Marie showed up at Sutton Towers to return the keys she found. She worried about losing her keys so she could imagine how panicked the owner of these must have been.
When she picked them up off the ground, she recognized the Sutton Towers’ logo on the key chain. The luxury apartment building was located on one of the most exclusive streets in New York- Sutton Place. She could see it from where she stood; dwarfing all the buildings around it.
Marie fantasized about the keys belonging to some wealthy, eccentric gazillionaire who would offer her an insane amount of money for their return.
I would take the money and run… to a tropical island where I could soak up some sun and gallons of colorful and intoxicating beverages.
Marie also knew the keys could unlock a door in Queens, Brooklyn, or Tupelo, Mississippi; but she couldn’t resist that nagging urge to venture on to Sutton Place. If nothing else, it would delay the inevitable – having to go home to an unfaithful husband, an out of control teen-aged daughter and the stash of pills she kept on hand to give her the courage to deal with it all.
Marie entered the lobby to two shouting women, each holding yapping little dogs in their arms. She felt like an extra in a movie.
She approached the desk where a red-faced concierge unsuccessfully tried to mediate between the women. Marie was a little disappointed that the Sutton Towers’ residents were just like regular people.
She laid the keys on the desk and patiently waited. The concierge turned toward her and recognizing the keys, his pleasant demeanor changed to one of contempt; he excused himself from the ruckus.
“You were supposed to be here yesterday”, he spoke in a loud whisper. “You must have a guardian angel or something because Mr. Dunbar called and said he wouldn’t return until the end of the month. Here’s the envelope he left for you. It’s the penthouse apartment and the security system is off.” He shoved the envelope at Marie and pointed her toward the elevator.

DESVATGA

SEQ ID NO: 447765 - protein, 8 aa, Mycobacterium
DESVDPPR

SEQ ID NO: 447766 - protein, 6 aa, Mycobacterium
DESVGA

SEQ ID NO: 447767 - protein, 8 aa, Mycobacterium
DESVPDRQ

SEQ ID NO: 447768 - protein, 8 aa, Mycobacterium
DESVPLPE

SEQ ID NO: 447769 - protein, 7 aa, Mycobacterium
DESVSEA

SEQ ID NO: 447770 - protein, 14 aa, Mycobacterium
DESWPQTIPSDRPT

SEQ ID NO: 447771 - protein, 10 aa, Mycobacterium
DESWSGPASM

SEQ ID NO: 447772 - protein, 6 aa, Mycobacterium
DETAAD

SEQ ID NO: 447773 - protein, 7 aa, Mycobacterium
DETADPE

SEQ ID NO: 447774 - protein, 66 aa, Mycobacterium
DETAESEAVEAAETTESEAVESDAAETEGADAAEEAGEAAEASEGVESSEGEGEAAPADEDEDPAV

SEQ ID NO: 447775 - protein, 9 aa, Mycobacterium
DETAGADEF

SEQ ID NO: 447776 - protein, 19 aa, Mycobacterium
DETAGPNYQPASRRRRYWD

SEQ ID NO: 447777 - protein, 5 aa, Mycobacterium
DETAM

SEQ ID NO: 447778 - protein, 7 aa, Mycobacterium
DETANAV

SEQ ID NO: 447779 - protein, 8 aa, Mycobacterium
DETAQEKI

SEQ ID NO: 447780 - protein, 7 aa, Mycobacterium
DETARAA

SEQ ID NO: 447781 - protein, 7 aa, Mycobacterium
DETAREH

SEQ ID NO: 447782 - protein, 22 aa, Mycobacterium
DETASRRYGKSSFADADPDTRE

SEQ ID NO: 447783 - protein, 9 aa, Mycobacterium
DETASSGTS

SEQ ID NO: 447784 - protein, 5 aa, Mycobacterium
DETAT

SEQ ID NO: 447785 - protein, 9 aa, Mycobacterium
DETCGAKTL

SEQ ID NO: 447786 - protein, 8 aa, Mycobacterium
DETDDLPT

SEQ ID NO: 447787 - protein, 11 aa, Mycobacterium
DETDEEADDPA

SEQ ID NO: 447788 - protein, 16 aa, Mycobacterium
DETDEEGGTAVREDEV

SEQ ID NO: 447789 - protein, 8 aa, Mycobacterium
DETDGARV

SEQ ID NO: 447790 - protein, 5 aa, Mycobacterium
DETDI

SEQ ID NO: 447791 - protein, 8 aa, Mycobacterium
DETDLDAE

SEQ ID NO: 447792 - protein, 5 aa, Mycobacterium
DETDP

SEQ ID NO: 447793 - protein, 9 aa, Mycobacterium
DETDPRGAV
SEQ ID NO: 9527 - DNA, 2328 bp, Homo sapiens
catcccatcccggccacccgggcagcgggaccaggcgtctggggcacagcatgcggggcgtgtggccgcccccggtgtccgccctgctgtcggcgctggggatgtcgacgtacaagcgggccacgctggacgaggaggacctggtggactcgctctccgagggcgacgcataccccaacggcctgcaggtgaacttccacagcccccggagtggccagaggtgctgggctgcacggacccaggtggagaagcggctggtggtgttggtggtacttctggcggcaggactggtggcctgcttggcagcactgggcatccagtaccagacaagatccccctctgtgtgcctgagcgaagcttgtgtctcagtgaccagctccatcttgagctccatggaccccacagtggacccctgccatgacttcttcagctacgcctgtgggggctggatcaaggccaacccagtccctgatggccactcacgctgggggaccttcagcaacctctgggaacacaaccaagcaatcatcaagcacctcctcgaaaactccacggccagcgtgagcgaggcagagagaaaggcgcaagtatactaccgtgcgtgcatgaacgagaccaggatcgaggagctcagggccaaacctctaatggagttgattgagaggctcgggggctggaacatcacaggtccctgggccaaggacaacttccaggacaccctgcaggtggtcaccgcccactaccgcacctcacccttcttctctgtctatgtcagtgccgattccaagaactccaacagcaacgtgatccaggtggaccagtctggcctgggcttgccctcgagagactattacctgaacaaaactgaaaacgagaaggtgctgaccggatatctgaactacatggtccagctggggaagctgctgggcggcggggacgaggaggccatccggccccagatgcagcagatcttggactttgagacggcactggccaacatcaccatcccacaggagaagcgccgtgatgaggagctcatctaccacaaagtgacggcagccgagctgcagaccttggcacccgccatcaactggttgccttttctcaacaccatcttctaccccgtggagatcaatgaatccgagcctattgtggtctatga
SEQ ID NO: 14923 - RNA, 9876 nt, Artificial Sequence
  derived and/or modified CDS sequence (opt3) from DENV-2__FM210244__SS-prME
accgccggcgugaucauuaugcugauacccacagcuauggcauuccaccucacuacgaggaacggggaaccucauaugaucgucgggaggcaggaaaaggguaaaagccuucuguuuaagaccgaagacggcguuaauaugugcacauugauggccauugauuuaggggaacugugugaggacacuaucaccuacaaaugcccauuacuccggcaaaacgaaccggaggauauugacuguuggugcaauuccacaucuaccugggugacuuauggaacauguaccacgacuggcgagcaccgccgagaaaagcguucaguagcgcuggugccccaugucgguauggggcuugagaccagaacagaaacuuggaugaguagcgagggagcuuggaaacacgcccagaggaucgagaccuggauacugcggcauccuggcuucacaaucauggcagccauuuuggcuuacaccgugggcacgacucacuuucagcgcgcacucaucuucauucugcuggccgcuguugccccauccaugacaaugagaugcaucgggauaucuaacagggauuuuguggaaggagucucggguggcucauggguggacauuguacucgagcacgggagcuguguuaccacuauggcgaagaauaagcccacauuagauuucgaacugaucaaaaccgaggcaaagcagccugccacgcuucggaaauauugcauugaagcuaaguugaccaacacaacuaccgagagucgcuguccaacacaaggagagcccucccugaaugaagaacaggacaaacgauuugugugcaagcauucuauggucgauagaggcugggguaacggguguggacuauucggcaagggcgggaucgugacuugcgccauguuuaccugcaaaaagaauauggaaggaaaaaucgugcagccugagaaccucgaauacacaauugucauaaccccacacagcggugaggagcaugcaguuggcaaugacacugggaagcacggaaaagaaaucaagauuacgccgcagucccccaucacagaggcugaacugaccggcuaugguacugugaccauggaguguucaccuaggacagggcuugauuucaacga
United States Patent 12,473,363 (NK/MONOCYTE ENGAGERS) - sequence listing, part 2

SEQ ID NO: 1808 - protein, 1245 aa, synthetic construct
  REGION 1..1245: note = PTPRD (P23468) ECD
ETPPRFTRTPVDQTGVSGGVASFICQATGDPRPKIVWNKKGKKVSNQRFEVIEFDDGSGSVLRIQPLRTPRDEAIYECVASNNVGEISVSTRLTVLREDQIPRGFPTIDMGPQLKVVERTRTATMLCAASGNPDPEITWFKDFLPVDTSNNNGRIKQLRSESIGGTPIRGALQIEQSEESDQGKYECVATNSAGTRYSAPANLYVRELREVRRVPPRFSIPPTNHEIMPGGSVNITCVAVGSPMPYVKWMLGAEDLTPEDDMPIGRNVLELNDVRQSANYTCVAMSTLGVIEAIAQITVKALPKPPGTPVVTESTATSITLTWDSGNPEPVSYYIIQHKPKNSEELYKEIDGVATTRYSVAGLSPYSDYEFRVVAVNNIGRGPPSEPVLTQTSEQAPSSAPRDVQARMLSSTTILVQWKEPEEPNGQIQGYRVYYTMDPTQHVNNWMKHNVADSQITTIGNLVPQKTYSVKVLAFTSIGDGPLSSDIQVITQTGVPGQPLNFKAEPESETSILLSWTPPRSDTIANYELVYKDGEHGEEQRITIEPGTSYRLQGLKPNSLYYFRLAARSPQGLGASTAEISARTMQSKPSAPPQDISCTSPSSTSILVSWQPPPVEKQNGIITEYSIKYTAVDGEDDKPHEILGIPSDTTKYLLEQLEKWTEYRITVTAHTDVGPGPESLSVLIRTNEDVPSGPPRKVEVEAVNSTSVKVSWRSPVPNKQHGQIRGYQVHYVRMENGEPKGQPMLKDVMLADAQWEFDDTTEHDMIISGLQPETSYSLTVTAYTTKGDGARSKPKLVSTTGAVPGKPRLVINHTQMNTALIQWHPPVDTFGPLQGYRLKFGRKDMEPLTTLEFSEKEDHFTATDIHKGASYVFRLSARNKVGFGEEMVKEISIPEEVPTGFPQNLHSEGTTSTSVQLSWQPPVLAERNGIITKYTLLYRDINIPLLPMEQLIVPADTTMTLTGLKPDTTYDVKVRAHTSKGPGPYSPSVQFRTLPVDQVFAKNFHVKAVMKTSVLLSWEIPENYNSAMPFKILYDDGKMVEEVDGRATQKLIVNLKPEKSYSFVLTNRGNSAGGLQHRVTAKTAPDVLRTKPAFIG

“Are you sure?” She asked.
He looked at her wild-eyed and in a grand gesture, pointed toward the elevator again.
Confusion, curiosity, and fear raced around within Marie as she inched toward the elevator expecting exposure at any moment.
She found herself in the apartment of a man named Richard Dunbar sipping on a glass of his wine. It seemed so right to be holding the glass of wine while taking in a spectacular view of the Queensboro Bridge from 80 floors up.
Marie explored the Dunbar home like a tourist in a museum. It rivaled a museum with its beautiful, and what she assumed were priceless antiques and paintings.
The guilt and fear dissolved by the second glass of wine and by her third, she felt so much at home she helped herself to a snack of grapes and cheese. She made herself comfortable on the chaise near the window.
“God, You truly do work in mysterious ways. I ask You for a tropical island and colorful drinks and you give me the island of Manhattan and a bottle of red wine. She looked up and realized she was sitting underneath a gigantic palm plant. I’ll take it!”
Marie woke up a few hours later. She felt invigorated and clear thoughts flowed through her head. She hadn’t felt this good in months. She took a long exaggerated stretch and began the return to reality, but this time, she was a woman with a mission.
As she walked briskly to the train station trying to recall every detail of the penthouse experience, her mind searched for someone to share it with. Her mother? Her sister? She decided she would take it with her to her grave. By the time she tried to convince someone she was telling the truth, she might begin to wonder if it had really happened.
The keys jingled in her pocket. She held them tight because she didn’t want to lose them. They were a symbol of courage to her. Something she had locked up a while ago; something her husband told her she didn’t have an ounce of and that’s why he cheated!
In truth, she had played the victim, but no more. She was going home to make everything wrong, right again; beginning with flushing the stash of pills. She didn’t need them anymore